Czech arms tycoon Jaroslav Strnad did not limit his Balkan shopping spree to stockpiled Chinese munitions.
The businessman also bought at least two bankrupt, formerly state-owned factories in the former Yugoslavia, both of which are linked to the arms industry.
He made the first of those purchases, the Suvenir ammunition factory in the Macedonian village of Samokov, in 2010. He bought the second, the 14. Oktobar factory in the Serbian city of Kruševac, last year.
Strnad’s dealings in both countries have involved figures linked to a clique of politicians and security officials accused of running a mafia state under Macedonia’s previous government.
In both deals, Strnad’s firms snapped up the factories at rock-bottom prices.
Behind the scenes, the Macedonian acquisition has raised fears among senior local officials that the Czech businessman may have been more interested in gaining a sought-after export license than in actual production.
“The Czechs were only interested in having a Macedonian license,” said one party to the original purchase, who spoke to OCCRP on condition of anonymity because of fear of repercussions.
Strnad’s first purchase, of the Suvenir factory in Macedonia, handed him a strategic, albeit decrepit, part of the former Yugoslavia’s once-formidable arms industry.
The Communist-era facility sits in a particularly poor part of the Macedonian countryside, hidden behind a rusty chain-link fence in a remote nook between wooded hills. The nearest town, Makedonski Brod, lies about 30 minutes away.
Documents obtained by OCCRP and partners show that Real Trade Praha, a firm linked to Strnad, paid just over €1 million (about $1.25 million) to the factory’s bankruptcy managers in 2010. The Macedonian firm that operates the factory, Sumbro Trade, is now owned by a Czech shell company. The website for one of Strnad’s firms, Excalibur Army, lists the Sumbro ammunition plant as one of its assets.
Accounts from factory workers, as well as customs data, indicate that the factory produced very little actual ammunition in its first five years under Czech ownership – but it may have been involved in other lines of business.
Six current and former workers at the factory who spoke to OCCRP said that ran at far below capacity, producing just a small amount of 9mm ammunition, until 2016. The workers, who had to be kept employed as a condition of the factory’s purchase, worked in staggered shifts.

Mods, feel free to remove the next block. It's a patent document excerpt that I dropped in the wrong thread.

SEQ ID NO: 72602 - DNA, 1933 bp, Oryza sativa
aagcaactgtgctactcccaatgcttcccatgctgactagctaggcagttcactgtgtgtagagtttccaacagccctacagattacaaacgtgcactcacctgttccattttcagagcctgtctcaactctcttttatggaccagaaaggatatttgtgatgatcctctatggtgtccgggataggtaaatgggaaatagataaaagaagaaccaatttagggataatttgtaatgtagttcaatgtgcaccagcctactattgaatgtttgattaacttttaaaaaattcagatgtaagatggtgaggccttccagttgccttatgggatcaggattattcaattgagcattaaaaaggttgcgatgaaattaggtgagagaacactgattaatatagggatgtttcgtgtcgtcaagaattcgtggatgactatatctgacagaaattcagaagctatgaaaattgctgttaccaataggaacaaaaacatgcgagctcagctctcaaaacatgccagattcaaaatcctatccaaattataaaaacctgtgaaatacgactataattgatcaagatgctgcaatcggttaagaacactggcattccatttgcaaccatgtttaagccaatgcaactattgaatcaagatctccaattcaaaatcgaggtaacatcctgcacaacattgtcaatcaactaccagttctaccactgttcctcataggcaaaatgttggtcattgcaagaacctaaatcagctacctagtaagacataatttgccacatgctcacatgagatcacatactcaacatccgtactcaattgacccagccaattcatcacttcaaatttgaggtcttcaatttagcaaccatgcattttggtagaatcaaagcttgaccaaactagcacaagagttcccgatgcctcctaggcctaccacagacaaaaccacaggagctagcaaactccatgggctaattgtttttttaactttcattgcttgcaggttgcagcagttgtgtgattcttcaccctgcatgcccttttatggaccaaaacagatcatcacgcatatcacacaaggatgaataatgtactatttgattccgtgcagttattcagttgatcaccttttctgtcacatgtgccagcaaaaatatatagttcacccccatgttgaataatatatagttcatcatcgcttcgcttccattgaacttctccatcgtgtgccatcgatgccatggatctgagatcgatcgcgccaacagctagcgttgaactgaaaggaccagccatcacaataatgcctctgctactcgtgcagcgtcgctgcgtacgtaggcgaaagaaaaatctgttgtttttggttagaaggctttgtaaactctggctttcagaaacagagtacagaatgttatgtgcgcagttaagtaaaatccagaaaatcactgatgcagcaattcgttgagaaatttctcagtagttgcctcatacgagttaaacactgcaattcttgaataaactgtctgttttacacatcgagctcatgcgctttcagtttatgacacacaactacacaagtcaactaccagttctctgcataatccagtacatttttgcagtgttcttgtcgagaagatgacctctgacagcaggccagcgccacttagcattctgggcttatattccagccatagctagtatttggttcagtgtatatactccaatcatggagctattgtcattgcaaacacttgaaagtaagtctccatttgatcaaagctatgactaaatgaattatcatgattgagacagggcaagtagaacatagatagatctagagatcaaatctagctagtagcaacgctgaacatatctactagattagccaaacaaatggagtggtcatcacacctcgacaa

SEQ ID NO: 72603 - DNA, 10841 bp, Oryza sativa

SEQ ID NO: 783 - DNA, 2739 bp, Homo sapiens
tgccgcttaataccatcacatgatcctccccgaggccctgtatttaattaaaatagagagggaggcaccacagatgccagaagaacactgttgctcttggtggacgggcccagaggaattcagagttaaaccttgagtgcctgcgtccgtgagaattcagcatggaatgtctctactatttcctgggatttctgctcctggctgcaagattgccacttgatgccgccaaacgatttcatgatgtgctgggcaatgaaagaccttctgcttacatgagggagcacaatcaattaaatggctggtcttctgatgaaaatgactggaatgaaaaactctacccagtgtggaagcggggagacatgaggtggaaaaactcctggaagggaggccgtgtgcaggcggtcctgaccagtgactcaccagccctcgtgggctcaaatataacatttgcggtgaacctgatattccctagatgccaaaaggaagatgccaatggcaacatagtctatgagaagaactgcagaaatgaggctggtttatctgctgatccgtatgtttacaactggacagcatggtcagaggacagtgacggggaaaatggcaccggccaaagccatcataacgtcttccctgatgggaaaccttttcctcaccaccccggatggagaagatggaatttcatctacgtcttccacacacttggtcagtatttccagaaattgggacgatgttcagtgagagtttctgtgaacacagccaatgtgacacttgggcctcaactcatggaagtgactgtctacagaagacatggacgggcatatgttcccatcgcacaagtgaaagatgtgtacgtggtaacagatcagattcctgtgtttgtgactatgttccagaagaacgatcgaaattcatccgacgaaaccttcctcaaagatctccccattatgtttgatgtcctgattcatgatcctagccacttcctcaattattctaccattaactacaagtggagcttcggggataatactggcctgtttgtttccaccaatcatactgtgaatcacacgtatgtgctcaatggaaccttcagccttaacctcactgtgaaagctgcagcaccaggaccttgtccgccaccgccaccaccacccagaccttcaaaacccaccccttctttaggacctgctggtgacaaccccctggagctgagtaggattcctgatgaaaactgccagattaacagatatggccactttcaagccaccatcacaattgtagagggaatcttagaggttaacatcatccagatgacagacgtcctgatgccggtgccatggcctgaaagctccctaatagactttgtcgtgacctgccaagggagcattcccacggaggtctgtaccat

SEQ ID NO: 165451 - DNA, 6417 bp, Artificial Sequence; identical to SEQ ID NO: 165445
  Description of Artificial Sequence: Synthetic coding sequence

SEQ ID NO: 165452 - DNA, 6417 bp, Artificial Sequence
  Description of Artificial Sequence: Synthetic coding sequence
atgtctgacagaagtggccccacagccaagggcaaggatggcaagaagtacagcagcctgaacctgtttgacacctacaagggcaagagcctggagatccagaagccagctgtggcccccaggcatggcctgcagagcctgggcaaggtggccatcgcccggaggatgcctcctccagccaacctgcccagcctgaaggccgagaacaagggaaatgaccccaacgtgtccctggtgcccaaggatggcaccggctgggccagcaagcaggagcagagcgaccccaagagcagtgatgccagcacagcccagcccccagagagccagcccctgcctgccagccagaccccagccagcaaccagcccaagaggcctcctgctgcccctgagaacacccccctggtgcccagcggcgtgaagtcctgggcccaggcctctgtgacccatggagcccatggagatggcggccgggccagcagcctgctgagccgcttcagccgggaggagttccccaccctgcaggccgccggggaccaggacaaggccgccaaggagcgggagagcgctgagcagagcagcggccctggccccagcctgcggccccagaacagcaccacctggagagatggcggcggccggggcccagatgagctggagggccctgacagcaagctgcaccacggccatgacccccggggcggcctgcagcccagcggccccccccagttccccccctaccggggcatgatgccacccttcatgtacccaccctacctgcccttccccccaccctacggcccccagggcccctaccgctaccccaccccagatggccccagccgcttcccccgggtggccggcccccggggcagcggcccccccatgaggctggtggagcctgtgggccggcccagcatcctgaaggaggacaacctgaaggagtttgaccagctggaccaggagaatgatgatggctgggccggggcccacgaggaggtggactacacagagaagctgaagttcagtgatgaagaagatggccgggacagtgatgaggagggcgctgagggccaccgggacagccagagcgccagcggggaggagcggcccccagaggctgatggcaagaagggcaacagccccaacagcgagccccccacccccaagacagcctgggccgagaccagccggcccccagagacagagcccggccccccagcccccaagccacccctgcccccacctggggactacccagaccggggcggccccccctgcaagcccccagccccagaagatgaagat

Some of their tasks involved re-labeling crates that had been shipped in from elsewhere, two of the workers said.
“We were frequently repacking stuff. We were receiving, let’s say, big boxes, and we were not opening them. We were just changing labels,” said a worker who declined to be identified so as not to jeopardize his employment.
“I’m not that smart, I can’t tell you what it was or what we were doing.”
Reporters were only able to obtain export data for the factory’s operating company, Sumbro Trade, for the years 2012, 2016, and 2017.
The 2016 and 2017 data shows exports of ammunition to countries including Slovakia, the Czech Republic, and Ukraine.
The 2012 data, however, is stranger. Those figures show that the company exported an unspecified amount of bathroom and plumbing equipment to the Czech Republic. The Samokov factory does not produce such items.
In response to reporters’ questions, a representative of Real Trade Praha and other Strnad companies said that the intent of purchasing the factory was “not only to trade but also to produce.”
The company, the representative said, only uses Macedonian export licenses for the sale of small arms ammunition produced at the factory, which “is mainly exported to the USA.”
Documents obtained by OCCRP and partners, as well as interviews with involved parties, show that, in his Macedonian business, Strnad enlisted the help of Vojislav Sparavalo, a Monaco-based businessman closely associated with Macedonia’s former ruling clique.
Previous OCCRP reporting revealed that Sparavalo jointly invested in Czech real estate with Sašo Mijalkov, the notorious former head of Macedonia’s domestic security agency, the Administration for Security and Counterintelligence (UMK).
Mijalkov, a cousin of former Macedonian Prime Minister Nikola Gruevski, was a key member of a powerful clique that ruled the Balkan country for a decade. Mijalkov’s brother, Vladimir, was appointed advisor to the director general of customs during the Gruevski government. Gruevski’s VMRO-DPMNE party lost power in 2017 after a protracted political crisis.
The former prime minister is currently on trial for corruption. Mijalkov himself is on trial for illegal wiretapping, election fraud, and torture and is expected to face trial for corruption as well.
Mijalkov’s associate, Sparavalo, proved useful to Strnad in 2015, when the failure of the Czech businessman’s factory to meet investment and hiring targets got him into trouble with the board of trustees, threatening his ownership.
On October 2, 2015, Strnad arrived with Sparavalo and one of his executives, Vít Paulíček, to the Macedonian embassy in Prague to lobby for his continued ownership of the factory, according to internal Macedonian foreign ministry correspondence seen by OCCRP.